By Shivani Patel, Staff Writer
The Pew Research Center conducted a study recently asking thousands of people from a range of 40 countries to identify what the “greatest threat to the world” was. Interestingly enough, the answers to these questions were very different across the board.
The participants in the study had five options to choose from: religious and ethnic hatred, inequality, pollution and environment, nuclear weapons and AIDS and other diseases.
Countries like Nigeria and Palestine felt that religious and ethnic hatred were one of the top threats to the region while countries like Pakistan and Japan felt nuclear weapons were one of the top threats. The United States, however, felt that inequality was the biggest threat.
The researchers claim that participants usually saw the biggest threats as those closest to them. In other words, rather than being fearing issues overseas, people felt most threatened by the issues surrounding them in daily life.
To me, the study is interesting because it shows how self-aware people are of the world around them. What people fear is what is close to them, rather than fearing what is unknown. It also shows that perhaps people need to start paying attention to issues that aren’t as pressing in their region.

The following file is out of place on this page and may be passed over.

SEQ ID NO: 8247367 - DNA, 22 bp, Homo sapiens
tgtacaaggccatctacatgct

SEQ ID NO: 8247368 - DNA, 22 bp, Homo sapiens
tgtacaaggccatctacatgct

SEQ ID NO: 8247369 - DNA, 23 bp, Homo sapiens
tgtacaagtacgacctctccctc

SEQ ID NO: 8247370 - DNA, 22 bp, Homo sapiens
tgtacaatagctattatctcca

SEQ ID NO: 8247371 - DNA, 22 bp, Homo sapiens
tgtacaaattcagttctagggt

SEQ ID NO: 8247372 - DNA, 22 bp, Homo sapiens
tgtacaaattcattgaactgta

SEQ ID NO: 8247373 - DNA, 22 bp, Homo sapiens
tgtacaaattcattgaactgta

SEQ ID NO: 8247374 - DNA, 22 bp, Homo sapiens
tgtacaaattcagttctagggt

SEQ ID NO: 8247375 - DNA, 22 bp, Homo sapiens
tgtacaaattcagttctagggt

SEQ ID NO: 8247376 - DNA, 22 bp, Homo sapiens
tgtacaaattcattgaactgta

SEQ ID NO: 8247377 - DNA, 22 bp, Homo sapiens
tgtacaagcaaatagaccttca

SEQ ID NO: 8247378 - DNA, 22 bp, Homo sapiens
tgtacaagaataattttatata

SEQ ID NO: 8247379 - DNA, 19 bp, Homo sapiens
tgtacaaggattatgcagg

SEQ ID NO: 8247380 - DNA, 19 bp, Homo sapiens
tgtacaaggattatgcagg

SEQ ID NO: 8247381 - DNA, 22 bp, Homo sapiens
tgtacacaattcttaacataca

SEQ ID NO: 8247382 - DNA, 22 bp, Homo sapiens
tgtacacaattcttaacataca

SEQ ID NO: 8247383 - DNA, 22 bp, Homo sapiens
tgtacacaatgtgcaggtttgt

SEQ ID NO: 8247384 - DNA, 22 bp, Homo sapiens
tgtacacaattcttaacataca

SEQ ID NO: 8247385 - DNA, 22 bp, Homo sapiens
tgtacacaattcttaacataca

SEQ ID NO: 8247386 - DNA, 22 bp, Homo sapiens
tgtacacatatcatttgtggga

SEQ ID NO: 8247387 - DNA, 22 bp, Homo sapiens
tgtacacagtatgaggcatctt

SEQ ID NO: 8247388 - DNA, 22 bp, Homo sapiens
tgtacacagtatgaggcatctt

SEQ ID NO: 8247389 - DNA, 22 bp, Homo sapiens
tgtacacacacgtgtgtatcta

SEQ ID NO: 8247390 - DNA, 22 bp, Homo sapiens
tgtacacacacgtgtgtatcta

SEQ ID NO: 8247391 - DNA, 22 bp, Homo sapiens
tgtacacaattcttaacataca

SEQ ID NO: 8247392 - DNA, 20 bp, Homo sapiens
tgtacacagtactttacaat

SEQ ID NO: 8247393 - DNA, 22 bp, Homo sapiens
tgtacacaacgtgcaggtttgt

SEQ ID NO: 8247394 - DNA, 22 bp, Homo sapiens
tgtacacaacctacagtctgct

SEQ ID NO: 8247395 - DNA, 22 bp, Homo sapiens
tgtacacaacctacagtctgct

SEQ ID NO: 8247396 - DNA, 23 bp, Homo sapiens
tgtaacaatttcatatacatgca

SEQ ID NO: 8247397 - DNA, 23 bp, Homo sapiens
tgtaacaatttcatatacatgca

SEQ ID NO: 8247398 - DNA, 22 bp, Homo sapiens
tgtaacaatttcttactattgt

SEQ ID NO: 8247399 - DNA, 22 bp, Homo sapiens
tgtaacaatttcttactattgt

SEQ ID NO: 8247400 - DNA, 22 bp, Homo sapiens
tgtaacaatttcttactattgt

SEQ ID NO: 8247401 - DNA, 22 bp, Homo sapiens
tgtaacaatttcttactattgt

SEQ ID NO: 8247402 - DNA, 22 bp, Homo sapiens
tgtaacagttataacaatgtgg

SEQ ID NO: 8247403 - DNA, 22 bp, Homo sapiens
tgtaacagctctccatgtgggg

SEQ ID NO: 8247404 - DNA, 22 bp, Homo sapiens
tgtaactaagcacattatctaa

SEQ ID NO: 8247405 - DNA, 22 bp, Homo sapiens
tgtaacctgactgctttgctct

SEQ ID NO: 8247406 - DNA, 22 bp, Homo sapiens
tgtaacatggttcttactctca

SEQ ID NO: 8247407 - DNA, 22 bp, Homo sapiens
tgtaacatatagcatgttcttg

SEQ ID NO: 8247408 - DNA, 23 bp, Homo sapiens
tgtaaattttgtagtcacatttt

The study also pointed out that in the United States itself, Republicans and Democrats were split in the issues they cared about. Republicans were more likely to name ethnic hatred as their top threat than Democrats, while Democrats named inequality (the division between the rich and the poor) as a top threat. The independents were more split on issues.
Although it was surprising that people chose to fear threats close to home, the threats that countries identified as the top threat were predictable. The news, it seems, coming out of each country helps shape what their top threat will be.
Regardless, it’s worth noting that these percentages often aren’t incredibly far apart. Many of these issues were close to vying for the top threat.